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Top 100 Songs of 2008: #s 75-71

High Places
[Thrill Jockey]

"We would like to know just exactly where we came from / and exactly where we'll go."

Sounding both ancient and futuristic, the laconic "beats" (if you can even call them that) provided by Rob Barber and the sedated pixie vocals of Mary Pearson feel like they could be inspired by a dreamworld or some kind of autistic prescience. It sneaks up creepily, yet with an austerely warm hug of weirdness, and loosens the muscles both behind the ear and throughout the body. Especially as the track ever so slightly transitions from its mostly a cappella "Banana Slugs" intro into the more substantive "Cosmonaut," it's almost as if galaxies of wormholes and mystery are swirling meekly through the speakers into the ether, providing an aurally foggy atmosphere of creaking percussion and almost randomly ebbing noise-making. It provides as much confusion as it does relaxation, making the nervous/calming feeling that the music instills in the listener feel both foreign and domestic - the all-encompassing bubble of the unknown and the familiar that is a lifetime, otherwise known as that which we all have in common.

74 "In This City"
Iglu & Hartly
& Then Boom

"I won't disappear / in this city."

Full disclosure: this is a terrible song. Nasally histrionic vocals and an obnoxiously protruding disco beat for the chorus and rap-rocking over hair metal-esque synths during the verses? If I had read that before I listened to this song, I would have never pressed play. Luckily I didn't though, because then I would have never fallen in love with this absolute dreck. Sometimes a single melody trumps all instrumentation, regardless of pomposity/idiocy, and the moronically named Iglu & Hartly managed to stumble across possibly the most infectious melody of 2008. And it's not just a melody that gets stuck in your head - Top 40 radio does that year-round (and while I have also grown to love that bastion of pop culture over the past year or so, the songs never stick with me on a gut LOVE-SIZE level). It's that the melody cloys its way through your nether-regions, fiddles around with your throat and chest, then finally unhinges your jaw and forces you to clench the steering wheel and belt out in that terrible octave, hoping with all might that your city pushes you to its foreground as much as that melody had pushed itself to the forefront of your body in singalong soundwave form. I felt violated the first time it happened to me so be warned: this song is bag full of garbage lined with U4EA.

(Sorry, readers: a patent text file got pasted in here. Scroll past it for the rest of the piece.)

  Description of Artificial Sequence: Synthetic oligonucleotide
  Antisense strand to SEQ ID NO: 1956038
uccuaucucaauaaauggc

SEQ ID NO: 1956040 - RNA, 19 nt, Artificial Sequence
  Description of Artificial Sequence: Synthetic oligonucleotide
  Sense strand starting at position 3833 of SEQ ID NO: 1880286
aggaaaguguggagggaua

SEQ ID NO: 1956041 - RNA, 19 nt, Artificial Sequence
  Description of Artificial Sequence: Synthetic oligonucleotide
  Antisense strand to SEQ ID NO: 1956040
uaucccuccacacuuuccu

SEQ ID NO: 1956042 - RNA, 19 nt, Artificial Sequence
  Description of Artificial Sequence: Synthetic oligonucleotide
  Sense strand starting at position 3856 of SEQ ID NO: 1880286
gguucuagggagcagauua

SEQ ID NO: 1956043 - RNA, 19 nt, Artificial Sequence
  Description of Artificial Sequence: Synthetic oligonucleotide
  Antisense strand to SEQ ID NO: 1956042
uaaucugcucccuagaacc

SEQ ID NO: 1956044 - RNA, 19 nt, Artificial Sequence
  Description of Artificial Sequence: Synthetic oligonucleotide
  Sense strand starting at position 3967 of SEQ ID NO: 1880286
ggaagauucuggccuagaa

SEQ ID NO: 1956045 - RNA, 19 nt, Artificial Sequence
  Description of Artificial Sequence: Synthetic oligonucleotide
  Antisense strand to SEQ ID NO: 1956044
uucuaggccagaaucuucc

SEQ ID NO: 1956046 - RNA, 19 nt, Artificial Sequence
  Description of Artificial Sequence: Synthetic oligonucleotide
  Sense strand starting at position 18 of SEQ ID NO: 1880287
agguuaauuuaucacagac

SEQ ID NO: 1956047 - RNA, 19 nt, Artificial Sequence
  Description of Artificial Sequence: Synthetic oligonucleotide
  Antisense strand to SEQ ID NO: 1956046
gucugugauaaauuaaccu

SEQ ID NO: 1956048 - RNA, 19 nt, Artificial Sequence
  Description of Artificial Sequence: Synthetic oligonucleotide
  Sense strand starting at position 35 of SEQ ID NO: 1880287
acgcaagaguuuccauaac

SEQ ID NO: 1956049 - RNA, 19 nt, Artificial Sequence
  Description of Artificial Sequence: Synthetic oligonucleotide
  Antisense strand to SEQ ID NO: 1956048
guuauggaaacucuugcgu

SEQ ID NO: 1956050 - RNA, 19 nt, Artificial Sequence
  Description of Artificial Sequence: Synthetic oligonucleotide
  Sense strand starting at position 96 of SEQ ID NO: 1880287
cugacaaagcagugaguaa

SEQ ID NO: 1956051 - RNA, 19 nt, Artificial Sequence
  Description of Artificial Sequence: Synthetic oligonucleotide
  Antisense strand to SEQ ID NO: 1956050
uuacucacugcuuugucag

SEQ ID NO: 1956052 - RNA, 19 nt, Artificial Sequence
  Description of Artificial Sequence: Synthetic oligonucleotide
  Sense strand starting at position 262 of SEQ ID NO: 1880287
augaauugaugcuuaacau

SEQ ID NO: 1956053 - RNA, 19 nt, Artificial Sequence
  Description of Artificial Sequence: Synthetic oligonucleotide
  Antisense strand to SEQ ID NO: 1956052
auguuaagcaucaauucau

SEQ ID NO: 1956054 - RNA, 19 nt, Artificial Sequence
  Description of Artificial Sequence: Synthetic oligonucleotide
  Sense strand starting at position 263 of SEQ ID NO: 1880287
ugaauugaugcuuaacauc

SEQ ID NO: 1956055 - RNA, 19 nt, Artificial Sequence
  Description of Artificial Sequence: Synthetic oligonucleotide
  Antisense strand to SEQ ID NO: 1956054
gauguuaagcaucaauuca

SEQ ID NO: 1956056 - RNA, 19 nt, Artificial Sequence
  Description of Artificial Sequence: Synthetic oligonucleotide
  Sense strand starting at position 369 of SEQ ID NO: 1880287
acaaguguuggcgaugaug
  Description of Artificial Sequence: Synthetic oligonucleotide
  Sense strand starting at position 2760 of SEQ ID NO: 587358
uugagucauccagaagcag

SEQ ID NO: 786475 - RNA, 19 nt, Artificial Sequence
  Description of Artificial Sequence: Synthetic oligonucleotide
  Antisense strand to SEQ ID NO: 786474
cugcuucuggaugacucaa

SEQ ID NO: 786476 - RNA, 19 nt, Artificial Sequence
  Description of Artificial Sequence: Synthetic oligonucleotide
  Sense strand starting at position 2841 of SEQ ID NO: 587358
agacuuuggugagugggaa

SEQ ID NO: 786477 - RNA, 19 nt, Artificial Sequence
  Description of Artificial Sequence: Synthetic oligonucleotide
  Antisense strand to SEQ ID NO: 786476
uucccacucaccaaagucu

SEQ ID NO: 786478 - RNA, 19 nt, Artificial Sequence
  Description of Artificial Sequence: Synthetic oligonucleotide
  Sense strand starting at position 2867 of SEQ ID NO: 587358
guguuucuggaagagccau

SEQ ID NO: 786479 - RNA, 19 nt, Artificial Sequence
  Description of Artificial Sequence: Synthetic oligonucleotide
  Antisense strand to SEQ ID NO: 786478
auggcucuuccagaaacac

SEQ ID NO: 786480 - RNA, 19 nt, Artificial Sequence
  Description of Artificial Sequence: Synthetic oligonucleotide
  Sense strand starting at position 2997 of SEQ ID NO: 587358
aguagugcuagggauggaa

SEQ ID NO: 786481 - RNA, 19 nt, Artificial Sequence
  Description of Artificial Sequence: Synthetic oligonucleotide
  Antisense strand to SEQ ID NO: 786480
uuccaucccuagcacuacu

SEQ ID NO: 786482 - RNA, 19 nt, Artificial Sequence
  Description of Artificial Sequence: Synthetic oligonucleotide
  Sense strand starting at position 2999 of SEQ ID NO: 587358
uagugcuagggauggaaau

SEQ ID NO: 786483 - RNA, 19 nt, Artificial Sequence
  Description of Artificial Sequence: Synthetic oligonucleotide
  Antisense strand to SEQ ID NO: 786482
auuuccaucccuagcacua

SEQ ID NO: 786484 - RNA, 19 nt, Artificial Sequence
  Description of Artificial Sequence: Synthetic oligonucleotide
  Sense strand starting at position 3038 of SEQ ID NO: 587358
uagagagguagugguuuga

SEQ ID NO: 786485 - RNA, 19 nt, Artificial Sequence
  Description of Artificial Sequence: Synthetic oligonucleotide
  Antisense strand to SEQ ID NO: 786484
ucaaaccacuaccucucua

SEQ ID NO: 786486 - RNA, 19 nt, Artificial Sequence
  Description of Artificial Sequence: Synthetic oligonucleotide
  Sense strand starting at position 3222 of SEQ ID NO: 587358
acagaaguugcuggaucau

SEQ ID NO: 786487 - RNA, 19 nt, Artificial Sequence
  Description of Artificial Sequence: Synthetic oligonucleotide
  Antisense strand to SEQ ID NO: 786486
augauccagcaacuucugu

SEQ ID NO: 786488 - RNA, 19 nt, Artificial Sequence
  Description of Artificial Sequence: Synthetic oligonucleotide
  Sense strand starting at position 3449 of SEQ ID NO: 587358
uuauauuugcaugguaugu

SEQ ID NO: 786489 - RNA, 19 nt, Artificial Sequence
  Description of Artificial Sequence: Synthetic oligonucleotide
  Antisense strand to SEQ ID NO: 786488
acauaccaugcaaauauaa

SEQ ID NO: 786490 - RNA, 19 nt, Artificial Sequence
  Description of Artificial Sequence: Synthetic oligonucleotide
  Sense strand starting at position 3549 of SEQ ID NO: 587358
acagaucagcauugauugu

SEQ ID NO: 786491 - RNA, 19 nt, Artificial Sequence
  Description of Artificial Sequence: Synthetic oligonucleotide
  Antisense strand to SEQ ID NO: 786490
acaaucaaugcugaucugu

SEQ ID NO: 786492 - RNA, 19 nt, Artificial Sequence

73 "Lovesick"
Friendly Fires
Friendly Fires
[Beggars Banquet]

"Best to walk away / before your love runs out."

And just like a melody can wriggle its way into your skull, so can a guitar riff. Especially when it's left to bounce like a neon ball through a desolate plane of a low-level dance beat and multi-tracked vocals that drift and strike high above the party of sound going on below. And especially when it's not even introduced into the song until a full minute of the song has been left to build suspense until the pelvis-thrusting release of fret-climbing ecstacy. The musical Jiffy Pop crackles and kerplunks in the first verse, carefully touching the handle with a muted guitar, then a ripsnorting tear through the packaging occurs and all three planes of sound coalesce into one, only to drip away into nauseous hesitance before the whole thing can happen all over again. This is part of pop perfection that usually makes my stomach turn, because usually it's as if they couldn't figure out a smooth transition, so they just mellow and flex until three minutes are up, but the burning pain actually feels real here, and also coincidentally appropriate for the dance-rock genre, as it gets both angry and groovy throughout. But ultimately, the song's success still boils down to that guitar riff, swaggering like it's got a pulse every time the love feels intoxicating, before the inevitable hangover.